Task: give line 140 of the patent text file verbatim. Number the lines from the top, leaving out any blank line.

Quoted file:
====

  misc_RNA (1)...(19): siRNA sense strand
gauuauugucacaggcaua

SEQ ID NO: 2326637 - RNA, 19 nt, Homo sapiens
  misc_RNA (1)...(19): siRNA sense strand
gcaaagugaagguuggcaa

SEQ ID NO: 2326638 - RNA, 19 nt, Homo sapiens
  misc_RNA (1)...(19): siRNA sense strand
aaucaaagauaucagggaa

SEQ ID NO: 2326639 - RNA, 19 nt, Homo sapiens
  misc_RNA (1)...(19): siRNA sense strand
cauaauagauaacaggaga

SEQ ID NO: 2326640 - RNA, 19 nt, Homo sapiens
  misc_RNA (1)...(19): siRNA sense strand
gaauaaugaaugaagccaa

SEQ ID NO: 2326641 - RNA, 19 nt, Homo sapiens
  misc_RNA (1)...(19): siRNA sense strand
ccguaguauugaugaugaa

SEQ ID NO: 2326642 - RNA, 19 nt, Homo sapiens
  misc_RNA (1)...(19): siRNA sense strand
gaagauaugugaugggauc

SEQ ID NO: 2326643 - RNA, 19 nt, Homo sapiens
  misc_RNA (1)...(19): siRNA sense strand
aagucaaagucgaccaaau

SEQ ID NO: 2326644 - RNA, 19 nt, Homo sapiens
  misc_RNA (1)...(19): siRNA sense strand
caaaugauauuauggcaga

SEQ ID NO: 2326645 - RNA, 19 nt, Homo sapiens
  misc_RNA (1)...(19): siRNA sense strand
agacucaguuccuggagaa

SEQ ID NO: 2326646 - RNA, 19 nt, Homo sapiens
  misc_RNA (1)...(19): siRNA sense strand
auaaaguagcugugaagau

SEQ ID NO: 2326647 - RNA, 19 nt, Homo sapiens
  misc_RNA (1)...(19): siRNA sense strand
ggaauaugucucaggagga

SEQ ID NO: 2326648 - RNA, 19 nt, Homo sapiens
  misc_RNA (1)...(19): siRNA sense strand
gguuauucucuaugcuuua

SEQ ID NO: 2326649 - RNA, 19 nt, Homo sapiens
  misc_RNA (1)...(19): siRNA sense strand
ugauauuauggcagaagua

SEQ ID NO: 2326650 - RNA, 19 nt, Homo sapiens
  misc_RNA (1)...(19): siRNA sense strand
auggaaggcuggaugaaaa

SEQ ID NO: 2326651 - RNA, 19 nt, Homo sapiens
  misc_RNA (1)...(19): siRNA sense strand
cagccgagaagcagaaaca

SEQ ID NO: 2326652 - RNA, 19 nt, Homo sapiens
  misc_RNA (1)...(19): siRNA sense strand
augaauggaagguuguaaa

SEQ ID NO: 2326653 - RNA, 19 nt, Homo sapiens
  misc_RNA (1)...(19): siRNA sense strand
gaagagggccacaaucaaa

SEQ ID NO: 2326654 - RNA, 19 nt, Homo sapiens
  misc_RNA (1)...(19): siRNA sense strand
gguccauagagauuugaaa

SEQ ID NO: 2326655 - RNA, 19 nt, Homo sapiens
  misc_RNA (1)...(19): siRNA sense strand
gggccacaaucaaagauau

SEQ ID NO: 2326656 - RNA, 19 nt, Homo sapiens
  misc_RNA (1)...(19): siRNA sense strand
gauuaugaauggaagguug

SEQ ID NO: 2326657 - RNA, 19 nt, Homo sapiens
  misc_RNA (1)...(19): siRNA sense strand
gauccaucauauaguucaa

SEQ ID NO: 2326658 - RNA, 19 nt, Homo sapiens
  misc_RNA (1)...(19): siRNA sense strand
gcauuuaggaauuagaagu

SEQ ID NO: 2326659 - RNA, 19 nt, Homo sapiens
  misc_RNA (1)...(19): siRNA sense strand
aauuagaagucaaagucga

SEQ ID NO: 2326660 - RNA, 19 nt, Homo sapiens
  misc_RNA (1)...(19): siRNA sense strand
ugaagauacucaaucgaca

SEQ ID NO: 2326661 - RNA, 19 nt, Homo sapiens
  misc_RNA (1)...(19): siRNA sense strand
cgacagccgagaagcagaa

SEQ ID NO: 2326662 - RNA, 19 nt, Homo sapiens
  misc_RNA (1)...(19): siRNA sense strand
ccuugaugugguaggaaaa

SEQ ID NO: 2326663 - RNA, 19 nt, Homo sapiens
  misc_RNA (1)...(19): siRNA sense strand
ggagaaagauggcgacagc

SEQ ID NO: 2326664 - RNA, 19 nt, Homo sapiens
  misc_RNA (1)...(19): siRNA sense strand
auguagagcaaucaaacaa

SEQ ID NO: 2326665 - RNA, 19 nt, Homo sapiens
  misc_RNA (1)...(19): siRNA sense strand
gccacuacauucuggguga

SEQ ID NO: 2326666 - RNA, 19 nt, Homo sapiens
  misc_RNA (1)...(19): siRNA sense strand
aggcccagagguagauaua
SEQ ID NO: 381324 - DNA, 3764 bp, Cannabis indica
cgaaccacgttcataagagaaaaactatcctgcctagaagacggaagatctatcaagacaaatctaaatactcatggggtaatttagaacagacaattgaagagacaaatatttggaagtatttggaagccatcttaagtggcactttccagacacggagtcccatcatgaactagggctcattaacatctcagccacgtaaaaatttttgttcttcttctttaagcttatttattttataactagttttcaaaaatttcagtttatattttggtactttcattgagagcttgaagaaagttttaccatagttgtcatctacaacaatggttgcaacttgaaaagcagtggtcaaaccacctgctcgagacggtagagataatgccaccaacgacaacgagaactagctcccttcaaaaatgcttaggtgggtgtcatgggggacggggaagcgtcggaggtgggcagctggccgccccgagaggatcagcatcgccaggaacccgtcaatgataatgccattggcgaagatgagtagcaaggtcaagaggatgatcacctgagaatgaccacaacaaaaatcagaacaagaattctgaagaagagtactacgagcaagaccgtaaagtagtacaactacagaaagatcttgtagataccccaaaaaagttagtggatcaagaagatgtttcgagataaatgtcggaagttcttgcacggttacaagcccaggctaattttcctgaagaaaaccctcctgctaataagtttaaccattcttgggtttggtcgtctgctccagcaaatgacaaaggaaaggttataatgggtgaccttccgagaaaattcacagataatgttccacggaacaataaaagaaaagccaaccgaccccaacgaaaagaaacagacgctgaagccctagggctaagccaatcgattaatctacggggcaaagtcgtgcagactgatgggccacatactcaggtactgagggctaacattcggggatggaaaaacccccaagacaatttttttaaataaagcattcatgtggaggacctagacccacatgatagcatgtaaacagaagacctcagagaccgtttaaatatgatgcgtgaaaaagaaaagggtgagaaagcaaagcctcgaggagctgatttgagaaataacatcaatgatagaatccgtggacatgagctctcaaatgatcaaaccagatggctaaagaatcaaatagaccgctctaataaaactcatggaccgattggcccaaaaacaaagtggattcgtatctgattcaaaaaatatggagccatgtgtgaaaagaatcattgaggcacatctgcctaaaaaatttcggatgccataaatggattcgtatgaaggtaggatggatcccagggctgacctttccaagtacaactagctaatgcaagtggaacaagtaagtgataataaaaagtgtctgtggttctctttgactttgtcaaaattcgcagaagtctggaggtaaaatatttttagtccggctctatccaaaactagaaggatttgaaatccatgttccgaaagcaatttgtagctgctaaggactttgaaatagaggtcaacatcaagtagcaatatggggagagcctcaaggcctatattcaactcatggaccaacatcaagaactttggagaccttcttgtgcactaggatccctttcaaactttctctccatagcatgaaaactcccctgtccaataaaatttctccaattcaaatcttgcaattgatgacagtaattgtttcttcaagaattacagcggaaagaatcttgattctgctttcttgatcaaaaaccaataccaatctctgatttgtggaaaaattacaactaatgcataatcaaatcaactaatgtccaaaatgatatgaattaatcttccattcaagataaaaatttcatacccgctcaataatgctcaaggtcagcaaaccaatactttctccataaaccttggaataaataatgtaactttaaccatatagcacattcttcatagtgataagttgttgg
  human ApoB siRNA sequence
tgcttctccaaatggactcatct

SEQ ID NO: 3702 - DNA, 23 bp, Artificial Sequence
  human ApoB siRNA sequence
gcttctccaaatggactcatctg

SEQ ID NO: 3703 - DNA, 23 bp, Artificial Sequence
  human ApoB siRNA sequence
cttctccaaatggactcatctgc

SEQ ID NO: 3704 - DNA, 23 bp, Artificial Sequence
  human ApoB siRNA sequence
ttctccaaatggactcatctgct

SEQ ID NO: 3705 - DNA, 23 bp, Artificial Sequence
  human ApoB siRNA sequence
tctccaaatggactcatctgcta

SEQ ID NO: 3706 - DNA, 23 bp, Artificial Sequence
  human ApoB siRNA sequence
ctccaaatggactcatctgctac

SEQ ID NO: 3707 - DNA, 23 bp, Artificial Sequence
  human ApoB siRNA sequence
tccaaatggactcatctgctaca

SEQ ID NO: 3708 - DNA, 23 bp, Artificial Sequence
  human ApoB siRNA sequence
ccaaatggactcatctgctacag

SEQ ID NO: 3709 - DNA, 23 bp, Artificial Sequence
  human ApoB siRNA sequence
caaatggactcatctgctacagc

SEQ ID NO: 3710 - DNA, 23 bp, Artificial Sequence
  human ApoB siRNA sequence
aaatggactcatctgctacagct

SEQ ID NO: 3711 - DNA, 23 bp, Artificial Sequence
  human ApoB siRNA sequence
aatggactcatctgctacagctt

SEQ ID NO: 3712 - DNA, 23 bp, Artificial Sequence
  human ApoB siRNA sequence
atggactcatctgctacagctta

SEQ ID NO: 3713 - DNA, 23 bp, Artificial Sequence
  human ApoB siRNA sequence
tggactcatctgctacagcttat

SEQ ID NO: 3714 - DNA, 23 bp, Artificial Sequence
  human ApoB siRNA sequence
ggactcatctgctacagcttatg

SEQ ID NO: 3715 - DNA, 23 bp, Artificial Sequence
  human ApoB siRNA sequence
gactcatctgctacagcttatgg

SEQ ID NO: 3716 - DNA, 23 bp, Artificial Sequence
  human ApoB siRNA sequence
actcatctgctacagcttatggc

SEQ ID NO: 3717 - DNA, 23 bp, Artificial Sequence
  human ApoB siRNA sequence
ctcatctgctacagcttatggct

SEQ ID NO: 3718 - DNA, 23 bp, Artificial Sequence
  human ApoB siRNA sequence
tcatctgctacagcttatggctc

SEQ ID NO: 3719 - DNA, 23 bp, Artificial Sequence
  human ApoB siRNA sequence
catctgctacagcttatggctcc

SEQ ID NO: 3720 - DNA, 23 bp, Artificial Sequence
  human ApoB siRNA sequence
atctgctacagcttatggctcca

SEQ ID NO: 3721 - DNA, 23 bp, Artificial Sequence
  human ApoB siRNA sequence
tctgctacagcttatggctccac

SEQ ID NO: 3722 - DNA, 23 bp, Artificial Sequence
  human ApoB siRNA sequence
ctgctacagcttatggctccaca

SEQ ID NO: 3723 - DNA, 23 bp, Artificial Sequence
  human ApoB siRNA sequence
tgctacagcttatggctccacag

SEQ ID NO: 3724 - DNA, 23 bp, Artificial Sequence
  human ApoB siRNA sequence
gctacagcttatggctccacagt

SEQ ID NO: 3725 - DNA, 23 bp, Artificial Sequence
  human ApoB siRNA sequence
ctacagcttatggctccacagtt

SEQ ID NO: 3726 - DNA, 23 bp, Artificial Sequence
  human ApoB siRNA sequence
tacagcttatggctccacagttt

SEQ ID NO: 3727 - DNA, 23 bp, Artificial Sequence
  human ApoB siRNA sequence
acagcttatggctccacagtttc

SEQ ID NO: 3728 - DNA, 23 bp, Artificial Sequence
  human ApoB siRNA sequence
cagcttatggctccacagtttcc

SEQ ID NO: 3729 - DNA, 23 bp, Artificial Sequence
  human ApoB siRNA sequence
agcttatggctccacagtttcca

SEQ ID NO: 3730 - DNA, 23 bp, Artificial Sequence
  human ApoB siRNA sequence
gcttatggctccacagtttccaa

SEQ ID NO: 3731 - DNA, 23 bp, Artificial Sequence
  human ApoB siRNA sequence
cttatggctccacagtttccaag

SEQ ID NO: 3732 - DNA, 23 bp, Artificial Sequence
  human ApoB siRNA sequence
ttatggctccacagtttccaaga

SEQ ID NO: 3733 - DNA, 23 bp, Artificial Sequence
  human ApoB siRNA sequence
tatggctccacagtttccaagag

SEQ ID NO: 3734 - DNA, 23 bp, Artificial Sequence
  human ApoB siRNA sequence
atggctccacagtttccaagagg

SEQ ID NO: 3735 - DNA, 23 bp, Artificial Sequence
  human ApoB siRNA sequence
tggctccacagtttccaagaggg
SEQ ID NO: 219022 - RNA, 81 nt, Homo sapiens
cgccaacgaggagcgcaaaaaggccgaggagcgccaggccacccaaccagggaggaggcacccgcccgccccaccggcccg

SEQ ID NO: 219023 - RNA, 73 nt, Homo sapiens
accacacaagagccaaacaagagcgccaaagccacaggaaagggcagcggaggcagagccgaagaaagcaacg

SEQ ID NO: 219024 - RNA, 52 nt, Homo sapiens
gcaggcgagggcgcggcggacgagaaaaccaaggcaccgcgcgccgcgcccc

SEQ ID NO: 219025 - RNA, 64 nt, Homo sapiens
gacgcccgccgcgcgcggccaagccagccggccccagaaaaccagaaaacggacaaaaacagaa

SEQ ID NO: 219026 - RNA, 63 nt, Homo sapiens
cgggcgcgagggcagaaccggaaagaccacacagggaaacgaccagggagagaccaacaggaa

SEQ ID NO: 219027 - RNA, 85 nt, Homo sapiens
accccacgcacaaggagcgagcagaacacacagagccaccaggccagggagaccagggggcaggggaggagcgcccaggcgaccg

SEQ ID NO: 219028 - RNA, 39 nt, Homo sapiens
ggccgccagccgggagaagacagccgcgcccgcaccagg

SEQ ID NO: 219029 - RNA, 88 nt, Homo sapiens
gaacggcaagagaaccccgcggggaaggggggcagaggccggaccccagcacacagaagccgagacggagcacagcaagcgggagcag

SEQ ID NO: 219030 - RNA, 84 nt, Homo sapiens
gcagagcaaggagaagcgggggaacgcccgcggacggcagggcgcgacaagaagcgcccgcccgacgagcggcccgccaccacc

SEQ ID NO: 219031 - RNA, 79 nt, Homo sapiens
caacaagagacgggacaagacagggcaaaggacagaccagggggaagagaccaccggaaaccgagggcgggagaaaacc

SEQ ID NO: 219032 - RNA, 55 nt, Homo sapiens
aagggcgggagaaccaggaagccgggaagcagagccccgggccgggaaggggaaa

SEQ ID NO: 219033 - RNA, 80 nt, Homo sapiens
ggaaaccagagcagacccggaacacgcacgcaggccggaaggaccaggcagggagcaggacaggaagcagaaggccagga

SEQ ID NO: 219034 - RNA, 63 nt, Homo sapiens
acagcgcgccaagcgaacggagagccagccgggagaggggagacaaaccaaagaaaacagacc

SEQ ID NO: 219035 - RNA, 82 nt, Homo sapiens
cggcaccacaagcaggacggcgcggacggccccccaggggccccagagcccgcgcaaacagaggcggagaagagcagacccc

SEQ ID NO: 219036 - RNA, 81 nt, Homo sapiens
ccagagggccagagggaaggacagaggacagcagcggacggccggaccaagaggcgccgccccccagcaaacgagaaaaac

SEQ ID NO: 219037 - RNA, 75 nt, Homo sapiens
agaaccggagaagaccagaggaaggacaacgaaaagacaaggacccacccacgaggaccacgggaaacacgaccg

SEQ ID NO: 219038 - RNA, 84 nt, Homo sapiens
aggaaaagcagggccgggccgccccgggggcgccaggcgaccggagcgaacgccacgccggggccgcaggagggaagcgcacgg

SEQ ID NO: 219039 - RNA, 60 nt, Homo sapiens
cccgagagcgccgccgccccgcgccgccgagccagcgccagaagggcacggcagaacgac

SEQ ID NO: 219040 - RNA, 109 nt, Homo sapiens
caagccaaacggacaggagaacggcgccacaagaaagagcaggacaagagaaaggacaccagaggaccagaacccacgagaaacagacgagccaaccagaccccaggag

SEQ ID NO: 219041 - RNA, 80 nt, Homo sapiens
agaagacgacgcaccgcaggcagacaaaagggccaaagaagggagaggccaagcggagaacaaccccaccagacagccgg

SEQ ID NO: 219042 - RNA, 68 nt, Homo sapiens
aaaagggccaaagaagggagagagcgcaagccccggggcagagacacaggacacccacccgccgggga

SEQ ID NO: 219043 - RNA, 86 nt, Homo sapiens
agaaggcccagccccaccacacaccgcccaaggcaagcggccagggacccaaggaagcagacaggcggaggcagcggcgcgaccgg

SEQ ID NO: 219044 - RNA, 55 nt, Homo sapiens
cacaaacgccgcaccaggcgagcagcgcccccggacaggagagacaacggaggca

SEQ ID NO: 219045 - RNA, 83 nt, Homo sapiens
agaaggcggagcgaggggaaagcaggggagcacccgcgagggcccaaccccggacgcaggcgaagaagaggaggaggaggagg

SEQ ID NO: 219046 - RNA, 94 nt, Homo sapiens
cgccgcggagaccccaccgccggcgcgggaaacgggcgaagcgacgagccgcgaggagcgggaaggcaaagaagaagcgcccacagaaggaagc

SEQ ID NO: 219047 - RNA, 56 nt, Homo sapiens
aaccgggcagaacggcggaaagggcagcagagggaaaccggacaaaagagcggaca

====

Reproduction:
  human ApoB siRNA sequence